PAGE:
Advocates for plain language have issued their first report card on how clearly federal agencies communicate with taxpayers and others — and the Social Security Administration has drawn a pair of C's.
That put the Woodlawn-based administration in the middle of the dozen agencies assessed by the Center for Plain Language. The Washington-based organization promotes clear, easy-to-understand communication in government, business, nonprofits and academia.
On the first anniversary of the Plain Writing Act, the center graded each agency this month on how well it has met the requirements of the law and how well it has followed the "spirit" of the legislation. The Social Security Administration earned C's in each category. ...
A spokesman for the Social Security Administration said the agency strongly encourages plain writing, "because it is important that our millions of public communications are clear and concise."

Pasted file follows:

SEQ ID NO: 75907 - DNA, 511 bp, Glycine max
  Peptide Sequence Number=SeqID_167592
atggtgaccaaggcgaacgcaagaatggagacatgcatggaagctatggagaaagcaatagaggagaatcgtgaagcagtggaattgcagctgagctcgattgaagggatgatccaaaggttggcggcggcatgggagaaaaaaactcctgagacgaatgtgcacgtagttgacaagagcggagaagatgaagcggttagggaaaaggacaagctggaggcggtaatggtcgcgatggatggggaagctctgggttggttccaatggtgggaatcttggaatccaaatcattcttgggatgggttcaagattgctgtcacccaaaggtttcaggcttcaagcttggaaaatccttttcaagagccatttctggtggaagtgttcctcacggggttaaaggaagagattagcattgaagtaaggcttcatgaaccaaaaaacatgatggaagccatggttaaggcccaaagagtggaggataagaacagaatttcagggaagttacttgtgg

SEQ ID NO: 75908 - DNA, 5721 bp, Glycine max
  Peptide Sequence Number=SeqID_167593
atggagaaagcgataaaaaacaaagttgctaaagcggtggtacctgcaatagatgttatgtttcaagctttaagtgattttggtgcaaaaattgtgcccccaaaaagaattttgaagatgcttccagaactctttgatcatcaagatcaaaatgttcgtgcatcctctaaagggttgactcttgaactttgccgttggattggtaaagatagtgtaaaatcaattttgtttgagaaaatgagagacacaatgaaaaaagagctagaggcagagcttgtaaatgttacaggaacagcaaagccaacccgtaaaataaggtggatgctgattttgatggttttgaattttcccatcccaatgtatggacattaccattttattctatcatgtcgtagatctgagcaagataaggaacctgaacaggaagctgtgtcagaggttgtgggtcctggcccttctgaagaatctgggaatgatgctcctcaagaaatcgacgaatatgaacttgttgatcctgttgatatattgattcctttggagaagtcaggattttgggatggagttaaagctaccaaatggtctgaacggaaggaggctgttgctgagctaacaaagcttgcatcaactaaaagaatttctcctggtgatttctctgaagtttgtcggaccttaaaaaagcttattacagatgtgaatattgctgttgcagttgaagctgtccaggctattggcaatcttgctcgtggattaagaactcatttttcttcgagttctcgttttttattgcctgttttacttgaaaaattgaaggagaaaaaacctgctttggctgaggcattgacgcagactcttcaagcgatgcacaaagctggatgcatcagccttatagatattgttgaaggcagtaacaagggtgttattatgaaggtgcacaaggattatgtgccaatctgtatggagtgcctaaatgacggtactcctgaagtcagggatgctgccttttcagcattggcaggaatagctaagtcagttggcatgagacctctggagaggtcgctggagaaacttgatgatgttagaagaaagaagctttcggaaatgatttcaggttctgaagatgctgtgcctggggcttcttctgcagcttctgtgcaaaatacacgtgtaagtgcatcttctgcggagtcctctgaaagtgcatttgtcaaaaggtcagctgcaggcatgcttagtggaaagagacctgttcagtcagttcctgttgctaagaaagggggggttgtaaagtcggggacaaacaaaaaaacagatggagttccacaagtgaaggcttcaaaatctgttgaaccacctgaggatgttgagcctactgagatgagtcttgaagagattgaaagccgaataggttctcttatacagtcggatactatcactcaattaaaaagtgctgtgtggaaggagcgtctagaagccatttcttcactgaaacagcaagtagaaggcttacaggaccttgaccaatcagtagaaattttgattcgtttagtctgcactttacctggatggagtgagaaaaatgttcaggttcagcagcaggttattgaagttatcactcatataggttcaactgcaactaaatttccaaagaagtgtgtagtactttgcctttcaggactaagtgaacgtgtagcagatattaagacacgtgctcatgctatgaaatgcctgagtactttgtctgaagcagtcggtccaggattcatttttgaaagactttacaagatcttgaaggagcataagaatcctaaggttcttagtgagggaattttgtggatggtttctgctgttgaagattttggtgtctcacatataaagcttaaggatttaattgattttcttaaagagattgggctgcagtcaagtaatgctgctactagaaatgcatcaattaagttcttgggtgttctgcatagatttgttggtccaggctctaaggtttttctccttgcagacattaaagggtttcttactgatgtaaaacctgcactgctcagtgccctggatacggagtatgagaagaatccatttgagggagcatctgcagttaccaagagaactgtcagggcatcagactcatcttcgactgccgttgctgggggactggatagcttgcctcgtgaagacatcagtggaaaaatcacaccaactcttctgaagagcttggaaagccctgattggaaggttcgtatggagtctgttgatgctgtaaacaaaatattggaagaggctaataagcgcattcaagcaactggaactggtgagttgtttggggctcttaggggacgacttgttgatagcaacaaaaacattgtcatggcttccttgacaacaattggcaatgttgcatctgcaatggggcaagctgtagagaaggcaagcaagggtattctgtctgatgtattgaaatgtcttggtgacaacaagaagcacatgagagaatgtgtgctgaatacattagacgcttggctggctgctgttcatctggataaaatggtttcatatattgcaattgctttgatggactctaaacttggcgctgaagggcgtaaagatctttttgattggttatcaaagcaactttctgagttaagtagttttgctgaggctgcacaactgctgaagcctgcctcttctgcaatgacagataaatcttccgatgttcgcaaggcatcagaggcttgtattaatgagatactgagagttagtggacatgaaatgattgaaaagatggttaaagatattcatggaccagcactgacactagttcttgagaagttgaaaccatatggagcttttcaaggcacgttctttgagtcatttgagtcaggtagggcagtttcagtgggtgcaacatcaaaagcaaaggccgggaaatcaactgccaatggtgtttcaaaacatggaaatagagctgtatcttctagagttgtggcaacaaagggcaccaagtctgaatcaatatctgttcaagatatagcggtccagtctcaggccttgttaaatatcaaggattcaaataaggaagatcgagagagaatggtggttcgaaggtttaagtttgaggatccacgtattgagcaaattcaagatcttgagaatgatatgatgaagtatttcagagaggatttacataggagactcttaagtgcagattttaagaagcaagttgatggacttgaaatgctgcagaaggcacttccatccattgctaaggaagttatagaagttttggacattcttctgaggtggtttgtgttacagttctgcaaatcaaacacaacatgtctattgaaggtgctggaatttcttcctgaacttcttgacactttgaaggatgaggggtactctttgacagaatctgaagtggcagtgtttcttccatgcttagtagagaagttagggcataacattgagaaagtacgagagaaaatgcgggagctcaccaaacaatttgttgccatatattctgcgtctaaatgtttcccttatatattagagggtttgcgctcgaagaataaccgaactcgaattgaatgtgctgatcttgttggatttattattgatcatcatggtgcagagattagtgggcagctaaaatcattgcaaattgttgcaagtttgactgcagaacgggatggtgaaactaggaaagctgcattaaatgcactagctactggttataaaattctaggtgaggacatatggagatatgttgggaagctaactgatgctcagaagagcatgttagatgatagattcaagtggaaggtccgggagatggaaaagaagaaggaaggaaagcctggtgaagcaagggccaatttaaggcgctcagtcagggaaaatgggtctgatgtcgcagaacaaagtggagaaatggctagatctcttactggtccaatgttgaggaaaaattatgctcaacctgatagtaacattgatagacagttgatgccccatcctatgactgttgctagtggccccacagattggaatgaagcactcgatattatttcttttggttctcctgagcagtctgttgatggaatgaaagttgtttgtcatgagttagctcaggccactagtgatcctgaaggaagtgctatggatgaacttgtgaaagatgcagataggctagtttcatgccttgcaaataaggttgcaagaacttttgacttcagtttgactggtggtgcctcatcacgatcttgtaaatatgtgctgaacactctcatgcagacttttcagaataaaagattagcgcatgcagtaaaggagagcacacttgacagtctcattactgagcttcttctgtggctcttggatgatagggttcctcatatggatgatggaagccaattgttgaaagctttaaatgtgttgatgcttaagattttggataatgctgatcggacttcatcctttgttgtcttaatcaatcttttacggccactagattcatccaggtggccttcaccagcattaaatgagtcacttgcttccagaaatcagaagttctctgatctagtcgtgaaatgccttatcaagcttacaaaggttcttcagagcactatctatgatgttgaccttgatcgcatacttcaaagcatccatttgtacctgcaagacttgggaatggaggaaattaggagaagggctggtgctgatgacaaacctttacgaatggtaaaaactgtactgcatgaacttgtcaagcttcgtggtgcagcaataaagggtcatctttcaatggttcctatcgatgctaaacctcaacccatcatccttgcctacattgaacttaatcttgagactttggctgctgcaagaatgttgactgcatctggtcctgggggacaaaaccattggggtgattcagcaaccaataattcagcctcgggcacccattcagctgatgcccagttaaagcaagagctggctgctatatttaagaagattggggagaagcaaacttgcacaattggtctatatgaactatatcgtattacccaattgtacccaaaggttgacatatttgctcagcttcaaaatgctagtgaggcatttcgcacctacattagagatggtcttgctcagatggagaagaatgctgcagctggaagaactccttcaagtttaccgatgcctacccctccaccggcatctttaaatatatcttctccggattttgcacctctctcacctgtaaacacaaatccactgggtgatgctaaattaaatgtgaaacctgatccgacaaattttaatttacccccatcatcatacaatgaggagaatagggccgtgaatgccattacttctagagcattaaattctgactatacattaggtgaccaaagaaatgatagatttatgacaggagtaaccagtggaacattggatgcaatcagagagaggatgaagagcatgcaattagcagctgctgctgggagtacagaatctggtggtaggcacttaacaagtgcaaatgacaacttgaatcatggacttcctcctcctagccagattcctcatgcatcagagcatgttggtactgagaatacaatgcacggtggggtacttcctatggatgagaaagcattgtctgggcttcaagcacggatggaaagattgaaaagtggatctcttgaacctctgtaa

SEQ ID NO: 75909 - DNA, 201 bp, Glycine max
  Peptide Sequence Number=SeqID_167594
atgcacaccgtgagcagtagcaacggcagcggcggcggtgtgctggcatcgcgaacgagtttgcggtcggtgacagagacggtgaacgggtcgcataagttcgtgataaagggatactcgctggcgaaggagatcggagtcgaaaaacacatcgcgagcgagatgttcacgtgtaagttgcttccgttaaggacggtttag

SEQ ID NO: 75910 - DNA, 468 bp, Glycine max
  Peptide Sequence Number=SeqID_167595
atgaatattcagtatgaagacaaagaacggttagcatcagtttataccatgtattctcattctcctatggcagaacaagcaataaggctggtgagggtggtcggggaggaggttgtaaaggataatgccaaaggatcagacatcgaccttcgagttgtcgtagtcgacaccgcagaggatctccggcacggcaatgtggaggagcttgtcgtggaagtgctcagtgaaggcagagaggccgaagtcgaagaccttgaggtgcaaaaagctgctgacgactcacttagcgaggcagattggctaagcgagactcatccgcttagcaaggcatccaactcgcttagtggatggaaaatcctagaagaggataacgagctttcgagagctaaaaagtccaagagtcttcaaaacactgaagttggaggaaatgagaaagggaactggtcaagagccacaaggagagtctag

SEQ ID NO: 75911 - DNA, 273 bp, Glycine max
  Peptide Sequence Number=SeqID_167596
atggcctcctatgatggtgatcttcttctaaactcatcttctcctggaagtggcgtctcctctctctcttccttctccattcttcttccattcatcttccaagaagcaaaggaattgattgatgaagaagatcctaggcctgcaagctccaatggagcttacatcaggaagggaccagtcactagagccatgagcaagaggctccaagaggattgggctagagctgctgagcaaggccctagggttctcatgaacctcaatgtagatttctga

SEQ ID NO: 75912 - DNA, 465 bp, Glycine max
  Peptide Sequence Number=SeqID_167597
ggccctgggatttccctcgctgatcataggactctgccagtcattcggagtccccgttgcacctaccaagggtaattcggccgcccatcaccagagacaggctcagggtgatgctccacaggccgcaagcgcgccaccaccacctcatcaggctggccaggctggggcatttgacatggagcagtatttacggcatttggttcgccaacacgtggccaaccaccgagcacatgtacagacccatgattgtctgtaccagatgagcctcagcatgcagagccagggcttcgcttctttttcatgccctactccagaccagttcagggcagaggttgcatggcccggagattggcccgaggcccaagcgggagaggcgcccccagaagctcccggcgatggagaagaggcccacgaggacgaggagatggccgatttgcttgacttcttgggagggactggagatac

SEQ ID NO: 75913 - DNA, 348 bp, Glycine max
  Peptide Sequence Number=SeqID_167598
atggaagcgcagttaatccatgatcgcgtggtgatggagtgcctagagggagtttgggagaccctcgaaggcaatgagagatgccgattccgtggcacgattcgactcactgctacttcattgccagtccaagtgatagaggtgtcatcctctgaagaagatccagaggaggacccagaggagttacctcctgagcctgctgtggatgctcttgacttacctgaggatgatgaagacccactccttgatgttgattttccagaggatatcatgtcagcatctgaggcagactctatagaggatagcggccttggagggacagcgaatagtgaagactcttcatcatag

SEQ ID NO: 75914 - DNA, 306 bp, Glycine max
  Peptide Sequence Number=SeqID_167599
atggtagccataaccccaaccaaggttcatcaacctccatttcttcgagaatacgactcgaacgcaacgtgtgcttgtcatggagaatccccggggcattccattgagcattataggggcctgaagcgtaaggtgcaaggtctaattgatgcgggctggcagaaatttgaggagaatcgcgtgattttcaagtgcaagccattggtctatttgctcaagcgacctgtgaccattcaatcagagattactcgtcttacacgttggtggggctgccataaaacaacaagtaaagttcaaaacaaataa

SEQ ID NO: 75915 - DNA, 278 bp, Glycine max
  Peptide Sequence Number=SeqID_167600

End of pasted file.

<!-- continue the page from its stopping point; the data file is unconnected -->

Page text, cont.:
"Even prior to the Plain Writing Act, we began a massive overhaul of our online services, our notices, and even our internal instructions to adhere to the principles of plain language," spokesman Mark Hinkle said. "We know that we can do more to improve our communications."
But Hinkle also defended the agency, saying the report card focused more on the process of conforming to the law than the agency's actual communications.
Jul 26, 2012
I Haven't Noticed Social Security Changing Its Notices To Make Them Easier To Understand -- Have You?
From the Baltimore Sun: